Lost links & Re-ups

On any post, if the link is no longer good, leave a comment if you want the music re-uploaded. As long as I still have the file, or the record, cd, or cassette to re-rip, I will gladly accommodate in a timely manner all such requests.

Slinging tuneage like some fried or otherwise soused short-order cook

06 December 2015

Today's E is You, Gene

Eugene McDaniels, 70s revolutionary radical & all-around heavy cat, was once Gene McDaniels, mellow soul singer & #1 contender for the Black Scott Walker title. Here's a pair of doozies from the mid-60s Genester.

Gene McDaniels – The Facts of Life from Sometimes I'm Happy Sometimes I'm Blue LP, 
Liberty 7175, 1960.


Gene McDaniels – (There goes) The Forgotten Man single side B, Liberty F 55752, 1964.

Leap ahead to 1970: Here’s a Bible-toting, denim-clad McDaniels on the grainy, guerilla-styled cover shot for Outlaw accompanied by then-wife Ramona, outfitted in ammo-belt & Angela Davis afro, & a grim-faced feminist Susan James with a semi-automatic.  Like many other of us from that era, something BIG had happened to Eugene McDaniels between 1965 & 1970 that transformed him from Gene McDaniels to "Eugene McDaniels the Left Rev. Mc D". This is a back-to-the-country rock album in many places, but the funky soul shines through strongly, especially on tracks like "Reverend Lee". McDaniels recorded Outlaw with a rock/jazz band that featured legendary Miles Davis alum jazz bassist Ron Carter & ubiquitous 70s session guitarist Hugh McCracken. The group fleshed out the Rev's hippie-folk-funky dreams with smooth style. The band is largely responsible for the record’s pure cohesiveness, as they bring McDaniels disparate elements together into one of the most powerfully lasting statements of post-Aquarian Age culture.

"Under conditions of national emergency, like now, there are only two kinds of people – those who work for freedom and those who do not." -Mc D.

Eugene McDaniels – Outlaw, Atlantic SD 8259, 1970.
all decryption codes in comments

Side One –

Sagittarius Red
Welfare City
Silent Majority
Love Letter to America

Side Two –

Unspoken Dreams of Light
Reverend Lee
Black Boy

Outlaw's follow-up, 1971s Headless Heroes of the Apocalypse cover superimposes McDaniels' screaming face on a painting of a samurai battle scene. This release features a more jazz-inflected moodiness than Outlaw. While much of Outlaw was countrified blues, casually arranged, Headless Heroes is a much tougher, tighter, & more adventurous outing. With a distinctive two-bass attack supplied by the tag-team of prog hero Miroslav Vitous on acoustic & Gary King electric, HHotA is largely the work of seasoned jazzmen essaying early 70s funk.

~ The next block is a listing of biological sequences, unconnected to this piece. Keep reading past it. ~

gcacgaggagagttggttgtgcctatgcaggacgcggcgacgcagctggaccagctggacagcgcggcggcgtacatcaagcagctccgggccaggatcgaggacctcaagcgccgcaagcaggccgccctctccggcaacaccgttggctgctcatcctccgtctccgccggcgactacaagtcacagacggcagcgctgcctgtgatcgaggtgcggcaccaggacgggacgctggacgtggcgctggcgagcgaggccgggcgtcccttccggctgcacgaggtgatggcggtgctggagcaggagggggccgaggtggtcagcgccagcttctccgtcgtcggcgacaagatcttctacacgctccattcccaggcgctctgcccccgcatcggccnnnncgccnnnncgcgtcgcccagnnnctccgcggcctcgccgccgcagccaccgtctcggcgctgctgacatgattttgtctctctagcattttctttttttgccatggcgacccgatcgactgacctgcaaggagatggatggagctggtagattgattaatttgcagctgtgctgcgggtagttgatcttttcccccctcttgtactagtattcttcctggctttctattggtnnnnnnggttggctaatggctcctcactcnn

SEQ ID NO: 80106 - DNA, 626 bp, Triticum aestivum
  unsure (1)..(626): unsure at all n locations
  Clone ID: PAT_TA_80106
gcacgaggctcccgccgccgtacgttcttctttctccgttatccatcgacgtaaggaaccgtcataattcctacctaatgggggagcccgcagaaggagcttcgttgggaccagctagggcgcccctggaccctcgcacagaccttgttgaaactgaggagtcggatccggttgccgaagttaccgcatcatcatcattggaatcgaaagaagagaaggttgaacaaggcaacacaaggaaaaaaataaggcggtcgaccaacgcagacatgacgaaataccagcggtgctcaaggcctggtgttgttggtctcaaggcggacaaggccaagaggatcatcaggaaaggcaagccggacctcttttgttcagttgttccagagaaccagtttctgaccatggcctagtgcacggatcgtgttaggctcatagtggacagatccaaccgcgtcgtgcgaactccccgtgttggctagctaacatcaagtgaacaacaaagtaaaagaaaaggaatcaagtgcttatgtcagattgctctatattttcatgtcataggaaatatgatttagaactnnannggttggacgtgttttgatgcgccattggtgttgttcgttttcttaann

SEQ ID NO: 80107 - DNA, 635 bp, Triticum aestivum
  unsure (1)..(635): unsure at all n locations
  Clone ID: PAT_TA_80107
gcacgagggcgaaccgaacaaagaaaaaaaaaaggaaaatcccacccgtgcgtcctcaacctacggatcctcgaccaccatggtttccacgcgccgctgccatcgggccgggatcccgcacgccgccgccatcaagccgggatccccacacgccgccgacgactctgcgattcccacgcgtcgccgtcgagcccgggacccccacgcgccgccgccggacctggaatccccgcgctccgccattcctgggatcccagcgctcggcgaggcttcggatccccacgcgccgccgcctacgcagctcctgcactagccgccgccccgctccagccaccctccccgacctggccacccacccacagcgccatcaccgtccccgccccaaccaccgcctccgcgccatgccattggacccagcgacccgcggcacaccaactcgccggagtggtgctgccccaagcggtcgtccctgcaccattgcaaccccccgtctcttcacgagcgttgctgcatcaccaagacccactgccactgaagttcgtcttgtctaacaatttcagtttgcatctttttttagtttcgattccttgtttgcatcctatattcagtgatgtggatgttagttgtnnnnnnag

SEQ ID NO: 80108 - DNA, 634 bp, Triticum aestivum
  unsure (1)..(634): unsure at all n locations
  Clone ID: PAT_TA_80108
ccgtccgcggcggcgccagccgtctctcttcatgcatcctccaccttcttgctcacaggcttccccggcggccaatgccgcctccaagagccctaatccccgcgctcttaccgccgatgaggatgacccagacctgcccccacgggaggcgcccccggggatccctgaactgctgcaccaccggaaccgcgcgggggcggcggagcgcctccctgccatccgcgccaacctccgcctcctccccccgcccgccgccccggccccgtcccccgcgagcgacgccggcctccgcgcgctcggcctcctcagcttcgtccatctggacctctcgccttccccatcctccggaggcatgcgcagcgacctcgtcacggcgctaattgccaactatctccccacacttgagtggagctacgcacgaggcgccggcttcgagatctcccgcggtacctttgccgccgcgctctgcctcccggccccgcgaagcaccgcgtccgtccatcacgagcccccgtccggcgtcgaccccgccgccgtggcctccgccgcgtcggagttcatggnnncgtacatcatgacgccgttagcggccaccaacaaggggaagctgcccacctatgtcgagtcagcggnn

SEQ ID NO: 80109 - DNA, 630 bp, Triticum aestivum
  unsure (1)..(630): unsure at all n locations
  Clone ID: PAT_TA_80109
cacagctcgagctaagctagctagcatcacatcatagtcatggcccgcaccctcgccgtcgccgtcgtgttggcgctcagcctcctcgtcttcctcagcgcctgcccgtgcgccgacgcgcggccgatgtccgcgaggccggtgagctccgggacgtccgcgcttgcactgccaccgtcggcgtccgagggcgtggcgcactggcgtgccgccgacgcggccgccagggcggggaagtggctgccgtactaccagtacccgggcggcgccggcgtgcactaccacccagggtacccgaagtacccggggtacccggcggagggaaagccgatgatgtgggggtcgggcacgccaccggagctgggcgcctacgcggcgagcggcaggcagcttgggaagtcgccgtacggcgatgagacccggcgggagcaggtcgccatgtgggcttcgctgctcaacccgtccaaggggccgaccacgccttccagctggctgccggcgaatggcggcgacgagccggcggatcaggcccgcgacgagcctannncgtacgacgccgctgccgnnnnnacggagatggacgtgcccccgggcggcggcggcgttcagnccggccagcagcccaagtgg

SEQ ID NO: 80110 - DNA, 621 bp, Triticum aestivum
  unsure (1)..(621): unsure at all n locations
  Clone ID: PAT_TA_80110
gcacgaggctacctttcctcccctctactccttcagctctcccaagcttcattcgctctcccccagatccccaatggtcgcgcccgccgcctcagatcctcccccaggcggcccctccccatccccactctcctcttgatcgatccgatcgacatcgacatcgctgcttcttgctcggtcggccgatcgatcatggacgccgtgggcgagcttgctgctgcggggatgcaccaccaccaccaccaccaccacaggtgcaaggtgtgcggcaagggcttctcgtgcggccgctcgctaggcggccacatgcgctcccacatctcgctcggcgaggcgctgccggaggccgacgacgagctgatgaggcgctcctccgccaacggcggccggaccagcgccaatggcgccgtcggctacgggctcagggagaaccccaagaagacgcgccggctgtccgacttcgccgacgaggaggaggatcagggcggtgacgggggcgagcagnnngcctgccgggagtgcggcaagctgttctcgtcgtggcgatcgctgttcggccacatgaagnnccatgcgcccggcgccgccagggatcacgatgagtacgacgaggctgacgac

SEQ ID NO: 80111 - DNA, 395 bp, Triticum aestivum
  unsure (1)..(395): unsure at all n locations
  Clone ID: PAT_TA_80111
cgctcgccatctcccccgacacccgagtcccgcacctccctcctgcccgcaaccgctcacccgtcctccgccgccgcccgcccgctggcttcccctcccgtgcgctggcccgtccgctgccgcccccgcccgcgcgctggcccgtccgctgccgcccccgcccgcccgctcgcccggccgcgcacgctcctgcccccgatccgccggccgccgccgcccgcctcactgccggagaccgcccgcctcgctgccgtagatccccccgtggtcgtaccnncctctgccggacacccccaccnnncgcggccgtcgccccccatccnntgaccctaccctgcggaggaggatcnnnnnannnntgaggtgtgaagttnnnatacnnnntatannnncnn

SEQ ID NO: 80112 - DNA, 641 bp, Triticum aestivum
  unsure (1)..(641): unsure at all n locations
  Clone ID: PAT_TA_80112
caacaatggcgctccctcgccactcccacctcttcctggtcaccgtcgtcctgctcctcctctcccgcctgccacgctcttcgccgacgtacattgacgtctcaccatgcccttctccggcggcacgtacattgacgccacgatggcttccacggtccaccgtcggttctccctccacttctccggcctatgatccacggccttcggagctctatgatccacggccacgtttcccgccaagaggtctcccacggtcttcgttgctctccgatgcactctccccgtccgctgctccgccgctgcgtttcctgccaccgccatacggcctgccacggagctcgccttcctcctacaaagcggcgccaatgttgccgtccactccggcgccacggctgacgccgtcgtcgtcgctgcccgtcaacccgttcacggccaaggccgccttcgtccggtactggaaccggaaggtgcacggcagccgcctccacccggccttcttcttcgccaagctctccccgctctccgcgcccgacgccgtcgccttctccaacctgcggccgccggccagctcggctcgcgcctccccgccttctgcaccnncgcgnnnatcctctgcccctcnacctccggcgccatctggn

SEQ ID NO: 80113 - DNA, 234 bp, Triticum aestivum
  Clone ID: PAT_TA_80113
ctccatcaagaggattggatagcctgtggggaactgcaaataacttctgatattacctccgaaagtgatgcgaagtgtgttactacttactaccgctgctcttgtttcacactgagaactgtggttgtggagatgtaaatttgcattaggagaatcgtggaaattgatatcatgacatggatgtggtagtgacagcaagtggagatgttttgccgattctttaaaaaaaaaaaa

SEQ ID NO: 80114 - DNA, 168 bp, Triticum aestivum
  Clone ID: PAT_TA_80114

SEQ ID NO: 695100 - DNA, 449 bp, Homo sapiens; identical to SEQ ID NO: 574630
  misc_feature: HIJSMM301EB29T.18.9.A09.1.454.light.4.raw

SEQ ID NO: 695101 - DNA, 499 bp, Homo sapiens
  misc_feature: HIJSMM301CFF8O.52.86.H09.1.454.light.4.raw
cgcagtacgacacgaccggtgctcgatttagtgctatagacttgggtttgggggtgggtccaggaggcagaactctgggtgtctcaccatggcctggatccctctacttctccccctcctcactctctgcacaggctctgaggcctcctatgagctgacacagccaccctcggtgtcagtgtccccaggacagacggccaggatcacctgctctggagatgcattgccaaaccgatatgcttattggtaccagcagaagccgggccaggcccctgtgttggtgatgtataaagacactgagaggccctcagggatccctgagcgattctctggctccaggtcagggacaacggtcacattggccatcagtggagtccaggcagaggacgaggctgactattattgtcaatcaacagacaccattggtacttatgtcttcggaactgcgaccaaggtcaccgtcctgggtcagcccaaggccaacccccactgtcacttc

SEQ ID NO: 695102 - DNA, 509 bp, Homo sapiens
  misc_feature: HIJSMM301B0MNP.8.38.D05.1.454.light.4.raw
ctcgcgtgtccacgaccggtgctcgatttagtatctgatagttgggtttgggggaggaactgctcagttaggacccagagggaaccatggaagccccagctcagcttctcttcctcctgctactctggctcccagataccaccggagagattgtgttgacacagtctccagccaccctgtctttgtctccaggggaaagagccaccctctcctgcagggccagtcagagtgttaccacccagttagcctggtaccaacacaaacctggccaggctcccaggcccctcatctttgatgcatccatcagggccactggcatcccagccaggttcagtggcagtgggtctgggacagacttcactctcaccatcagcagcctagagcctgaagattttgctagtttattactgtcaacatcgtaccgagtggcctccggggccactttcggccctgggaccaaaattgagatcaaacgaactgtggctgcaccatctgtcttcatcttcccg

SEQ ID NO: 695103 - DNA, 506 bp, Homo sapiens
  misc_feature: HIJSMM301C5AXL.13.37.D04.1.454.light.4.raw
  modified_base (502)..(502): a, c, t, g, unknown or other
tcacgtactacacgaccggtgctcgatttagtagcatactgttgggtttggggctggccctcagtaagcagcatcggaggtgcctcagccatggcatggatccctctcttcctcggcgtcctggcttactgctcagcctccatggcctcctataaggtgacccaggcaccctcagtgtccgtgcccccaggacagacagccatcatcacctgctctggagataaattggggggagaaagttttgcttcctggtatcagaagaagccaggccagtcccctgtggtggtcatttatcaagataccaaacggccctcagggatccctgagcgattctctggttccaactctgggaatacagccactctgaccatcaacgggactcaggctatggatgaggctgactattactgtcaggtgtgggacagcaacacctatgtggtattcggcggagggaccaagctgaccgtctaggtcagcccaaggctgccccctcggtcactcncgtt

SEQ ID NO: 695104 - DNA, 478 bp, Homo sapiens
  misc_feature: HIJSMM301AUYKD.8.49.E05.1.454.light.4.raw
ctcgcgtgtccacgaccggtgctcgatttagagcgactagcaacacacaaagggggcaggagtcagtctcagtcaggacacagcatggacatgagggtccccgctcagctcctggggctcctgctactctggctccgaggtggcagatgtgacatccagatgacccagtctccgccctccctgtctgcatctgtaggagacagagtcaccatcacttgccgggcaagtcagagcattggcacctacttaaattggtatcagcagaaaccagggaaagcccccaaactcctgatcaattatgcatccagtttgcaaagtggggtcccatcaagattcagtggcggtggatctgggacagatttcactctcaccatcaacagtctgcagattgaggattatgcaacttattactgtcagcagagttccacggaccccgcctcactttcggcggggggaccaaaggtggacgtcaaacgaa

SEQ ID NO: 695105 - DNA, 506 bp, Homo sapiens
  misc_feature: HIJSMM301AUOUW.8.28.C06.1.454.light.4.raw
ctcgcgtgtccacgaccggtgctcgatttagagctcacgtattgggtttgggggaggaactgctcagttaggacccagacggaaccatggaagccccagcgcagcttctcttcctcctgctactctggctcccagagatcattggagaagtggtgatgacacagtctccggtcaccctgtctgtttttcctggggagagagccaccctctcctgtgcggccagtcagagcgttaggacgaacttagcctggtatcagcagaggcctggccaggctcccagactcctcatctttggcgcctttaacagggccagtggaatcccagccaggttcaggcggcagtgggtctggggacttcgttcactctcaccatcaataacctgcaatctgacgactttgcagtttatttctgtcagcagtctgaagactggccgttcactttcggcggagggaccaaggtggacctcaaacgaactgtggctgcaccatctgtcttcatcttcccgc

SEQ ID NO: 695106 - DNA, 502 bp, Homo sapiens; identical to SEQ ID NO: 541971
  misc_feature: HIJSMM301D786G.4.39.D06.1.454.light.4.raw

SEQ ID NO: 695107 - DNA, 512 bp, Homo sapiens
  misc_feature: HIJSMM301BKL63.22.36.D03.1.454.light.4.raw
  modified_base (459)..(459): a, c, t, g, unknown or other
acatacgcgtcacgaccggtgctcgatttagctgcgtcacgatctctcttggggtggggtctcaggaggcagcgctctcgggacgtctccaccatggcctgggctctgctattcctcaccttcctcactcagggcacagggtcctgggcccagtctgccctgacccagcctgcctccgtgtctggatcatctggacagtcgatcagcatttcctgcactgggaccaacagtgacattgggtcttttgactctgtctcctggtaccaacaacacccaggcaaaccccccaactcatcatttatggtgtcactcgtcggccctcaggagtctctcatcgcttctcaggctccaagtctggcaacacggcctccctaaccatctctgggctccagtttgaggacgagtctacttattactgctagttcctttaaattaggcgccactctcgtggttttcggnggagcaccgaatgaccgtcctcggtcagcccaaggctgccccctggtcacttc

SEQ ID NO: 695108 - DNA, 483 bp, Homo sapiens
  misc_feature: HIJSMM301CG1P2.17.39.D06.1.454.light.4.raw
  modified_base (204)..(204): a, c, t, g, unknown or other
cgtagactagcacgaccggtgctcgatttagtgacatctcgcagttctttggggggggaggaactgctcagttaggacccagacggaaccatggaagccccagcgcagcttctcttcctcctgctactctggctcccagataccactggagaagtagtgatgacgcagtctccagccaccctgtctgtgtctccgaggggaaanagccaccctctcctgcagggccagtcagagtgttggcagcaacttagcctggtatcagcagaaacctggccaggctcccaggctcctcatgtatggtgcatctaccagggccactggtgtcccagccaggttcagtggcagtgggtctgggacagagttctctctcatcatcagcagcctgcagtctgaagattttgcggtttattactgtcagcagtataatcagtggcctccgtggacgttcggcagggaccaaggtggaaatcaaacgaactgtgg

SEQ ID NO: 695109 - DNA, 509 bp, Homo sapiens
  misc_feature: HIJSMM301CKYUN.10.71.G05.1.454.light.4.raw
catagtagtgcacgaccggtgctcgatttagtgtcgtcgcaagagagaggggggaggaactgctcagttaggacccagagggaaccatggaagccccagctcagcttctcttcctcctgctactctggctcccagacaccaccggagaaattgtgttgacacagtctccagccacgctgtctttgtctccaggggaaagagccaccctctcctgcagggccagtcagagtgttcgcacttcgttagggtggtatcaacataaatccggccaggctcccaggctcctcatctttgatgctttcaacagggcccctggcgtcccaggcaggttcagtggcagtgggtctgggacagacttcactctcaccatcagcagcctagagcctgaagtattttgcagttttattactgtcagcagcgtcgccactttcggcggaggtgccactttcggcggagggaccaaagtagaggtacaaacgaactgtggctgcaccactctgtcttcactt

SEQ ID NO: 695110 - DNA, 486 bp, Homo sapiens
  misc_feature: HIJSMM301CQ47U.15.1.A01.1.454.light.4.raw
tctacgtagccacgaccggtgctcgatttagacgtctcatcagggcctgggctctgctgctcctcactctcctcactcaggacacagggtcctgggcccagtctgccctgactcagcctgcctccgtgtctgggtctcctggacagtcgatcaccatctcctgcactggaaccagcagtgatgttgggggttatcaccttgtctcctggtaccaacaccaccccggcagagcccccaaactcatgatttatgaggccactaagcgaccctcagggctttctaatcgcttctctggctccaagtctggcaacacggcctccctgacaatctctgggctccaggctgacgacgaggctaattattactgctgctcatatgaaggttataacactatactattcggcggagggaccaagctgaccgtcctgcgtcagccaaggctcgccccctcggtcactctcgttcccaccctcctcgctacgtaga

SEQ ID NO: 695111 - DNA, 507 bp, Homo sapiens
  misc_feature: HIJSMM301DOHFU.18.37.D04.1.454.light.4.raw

Vice President Spiro Agnew allegedly called Atlantic to issue a verbal cease-&-desist order upon the release of Headless Heroes of the Apocalypse. Altantic pulled support for & finally sales of the album, though they cited "poor sales numbers".

Side One –

The Lord is Back
Jagger the Dagger
Lovin’ Man
Headless Heroes
Susan Jane

Side Two –

Freedom Death Dance
Supermarket Blues
The Parasite (for Buffy)

In 1975, Gene (once more) McDaniels released Natural Juices. Here McDaniels delivers his by-now perfected blend of Soul/Funk combined with his exceptional songwriting abilities.

Gene McDaniels – Natural Juices, Ode Records SP 77028, 1975.

Side 1 –

Feel like Makin' Love
Lady Fair
Natural Juices
Can't Get Enough of You

Side 2 –

Shell of a Man
Dream of You & Me
Honey Can You Know
The Perfect Dream

But just before he became a true Outlaw, McDaniels handled the vocal duties on my favorite Bobby Hutcherson release, Blue Notes's Now! from 1969. Here is that sometimes neglected gem. If you've come along this far with Eu/Gene, you should really enjoy this (I added some alternate takes as a bonus).

Bobby's band members: Bobby Hutcherson – vibraphone & marimba; Harold Land - tenor saxophone; Kenny Barron & George Cables – piano; Wally Richardson – guitar; Herbie Lewis & James Leary – bass; Joe Chambers & Eddie Marshall – drums; Candido Camero – congas; Gene McDaniels – vocals; Hilda Harris, Albertine M. Robinson, Christine Spencer, Eileen Gilbert, & Maeretha Stewart - backing vocals; Stanley Cowell – piano & electric piano; Manny Boyd - tenor & soprano saxophone; & Bobbye Hall Porter – percussion.

Bobby Hutcherson – Now!, Blue Note BST 84333, 1969.

Side One –

Slow Change
Hello to the Wind

Side Two –

The Creators
Black Heroes

+ bonus tracks –

Slow Change II
Now! II
Hello to the Wind (live)
Now! (reprise)



  1. Outlaw
    Headless Heroes
    Natural Juices

  2. Thanks fer the Gene McDaniels history lesson. I am big on Bobby Hutcherson, but the only McDaniels' shit I have heard previously is "Jagger the Dagger".